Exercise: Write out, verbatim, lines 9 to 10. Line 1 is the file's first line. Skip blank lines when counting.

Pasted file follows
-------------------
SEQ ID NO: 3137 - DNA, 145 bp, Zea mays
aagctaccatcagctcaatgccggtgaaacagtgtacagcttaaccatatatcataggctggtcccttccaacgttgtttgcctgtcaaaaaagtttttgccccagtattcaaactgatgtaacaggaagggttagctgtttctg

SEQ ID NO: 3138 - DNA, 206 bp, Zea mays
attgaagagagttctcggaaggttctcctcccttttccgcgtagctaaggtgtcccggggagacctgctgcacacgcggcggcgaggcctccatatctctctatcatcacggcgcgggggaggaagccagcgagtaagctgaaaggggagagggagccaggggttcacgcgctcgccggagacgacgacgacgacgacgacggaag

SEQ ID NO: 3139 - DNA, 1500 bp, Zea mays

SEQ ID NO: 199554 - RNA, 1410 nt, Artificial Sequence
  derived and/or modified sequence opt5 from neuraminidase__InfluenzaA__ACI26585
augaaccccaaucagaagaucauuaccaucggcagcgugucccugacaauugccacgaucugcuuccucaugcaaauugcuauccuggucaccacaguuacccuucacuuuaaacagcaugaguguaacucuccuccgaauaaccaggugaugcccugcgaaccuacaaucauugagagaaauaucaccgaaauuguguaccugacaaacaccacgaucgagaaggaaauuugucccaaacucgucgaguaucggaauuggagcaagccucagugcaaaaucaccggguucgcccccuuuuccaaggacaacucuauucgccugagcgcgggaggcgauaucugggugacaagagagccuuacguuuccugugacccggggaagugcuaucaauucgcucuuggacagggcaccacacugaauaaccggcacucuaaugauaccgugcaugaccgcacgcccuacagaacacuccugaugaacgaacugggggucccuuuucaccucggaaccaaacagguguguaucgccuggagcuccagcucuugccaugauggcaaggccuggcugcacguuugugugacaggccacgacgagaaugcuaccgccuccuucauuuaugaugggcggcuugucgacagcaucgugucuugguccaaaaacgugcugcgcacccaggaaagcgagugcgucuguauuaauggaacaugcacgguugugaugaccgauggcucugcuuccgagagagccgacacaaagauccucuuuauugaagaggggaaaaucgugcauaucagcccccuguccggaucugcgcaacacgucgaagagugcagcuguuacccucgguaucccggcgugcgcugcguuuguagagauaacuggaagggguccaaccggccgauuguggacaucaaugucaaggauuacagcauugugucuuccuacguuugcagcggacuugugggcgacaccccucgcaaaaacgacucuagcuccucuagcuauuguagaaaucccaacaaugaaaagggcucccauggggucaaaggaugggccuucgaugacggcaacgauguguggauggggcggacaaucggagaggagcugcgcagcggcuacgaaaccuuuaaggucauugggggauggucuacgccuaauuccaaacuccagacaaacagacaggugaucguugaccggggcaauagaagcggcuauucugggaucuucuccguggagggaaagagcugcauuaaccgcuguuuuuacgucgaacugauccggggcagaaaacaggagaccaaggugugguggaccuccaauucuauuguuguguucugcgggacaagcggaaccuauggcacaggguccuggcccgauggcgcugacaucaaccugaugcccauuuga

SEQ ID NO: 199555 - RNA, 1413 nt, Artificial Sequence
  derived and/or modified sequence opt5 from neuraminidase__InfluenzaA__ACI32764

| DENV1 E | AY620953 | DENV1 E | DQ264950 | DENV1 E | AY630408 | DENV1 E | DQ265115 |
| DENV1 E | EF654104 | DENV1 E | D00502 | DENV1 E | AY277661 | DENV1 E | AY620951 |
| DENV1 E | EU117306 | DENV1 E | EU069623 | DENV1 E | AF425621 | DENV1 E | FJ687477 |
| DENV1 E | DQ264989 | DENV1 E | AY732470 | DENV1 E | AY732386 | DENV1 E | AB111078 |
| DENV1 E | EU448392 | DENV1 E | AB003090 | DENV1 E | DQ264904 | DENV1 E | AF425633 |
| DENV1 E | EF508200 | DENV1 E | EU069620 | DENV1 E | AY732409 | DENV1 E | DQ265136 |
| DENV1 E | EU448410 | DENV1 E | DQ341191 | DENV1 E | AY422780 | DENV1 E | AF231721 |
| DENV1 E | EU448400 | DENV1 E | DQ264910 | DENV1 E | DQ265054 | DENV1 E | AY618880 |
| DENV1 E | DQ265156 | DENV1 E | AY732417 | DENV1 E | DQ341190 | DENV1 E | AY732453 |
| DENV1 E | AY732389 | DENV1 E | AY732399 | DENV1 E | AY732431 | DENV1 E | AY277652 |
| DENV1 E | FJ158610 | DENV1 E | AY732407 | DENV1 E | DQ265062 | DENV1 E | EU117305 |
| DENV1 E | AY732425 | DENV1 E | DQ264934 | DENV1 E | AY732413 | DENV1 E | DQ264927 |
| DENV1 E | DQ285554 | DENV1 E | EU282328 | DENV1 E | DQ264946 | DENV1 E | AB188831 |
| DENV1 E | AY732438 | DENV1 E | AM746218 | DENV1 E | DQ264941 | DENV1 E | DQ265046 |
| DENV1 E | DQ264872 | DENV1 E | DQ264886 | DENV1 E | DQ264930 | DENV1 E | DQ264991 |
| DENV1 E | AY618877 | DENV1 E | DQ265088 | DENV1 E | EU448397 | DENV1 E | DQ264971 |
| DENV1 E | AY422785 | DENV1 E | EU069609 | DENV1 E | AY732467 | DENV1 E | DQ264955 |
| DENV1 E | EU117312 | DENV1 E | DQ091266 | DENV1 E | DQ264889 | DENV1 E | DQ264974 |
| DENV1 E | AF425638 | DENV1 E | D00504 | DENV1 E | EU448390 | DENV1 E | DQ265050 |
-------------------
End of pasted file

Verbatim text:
SEQ ID NO: 199555 - RNA, 1413 nt, Artificial Sequence
  derived and/or modified sequence opt5 from neuraminidase__InfluenzaA__ACI32764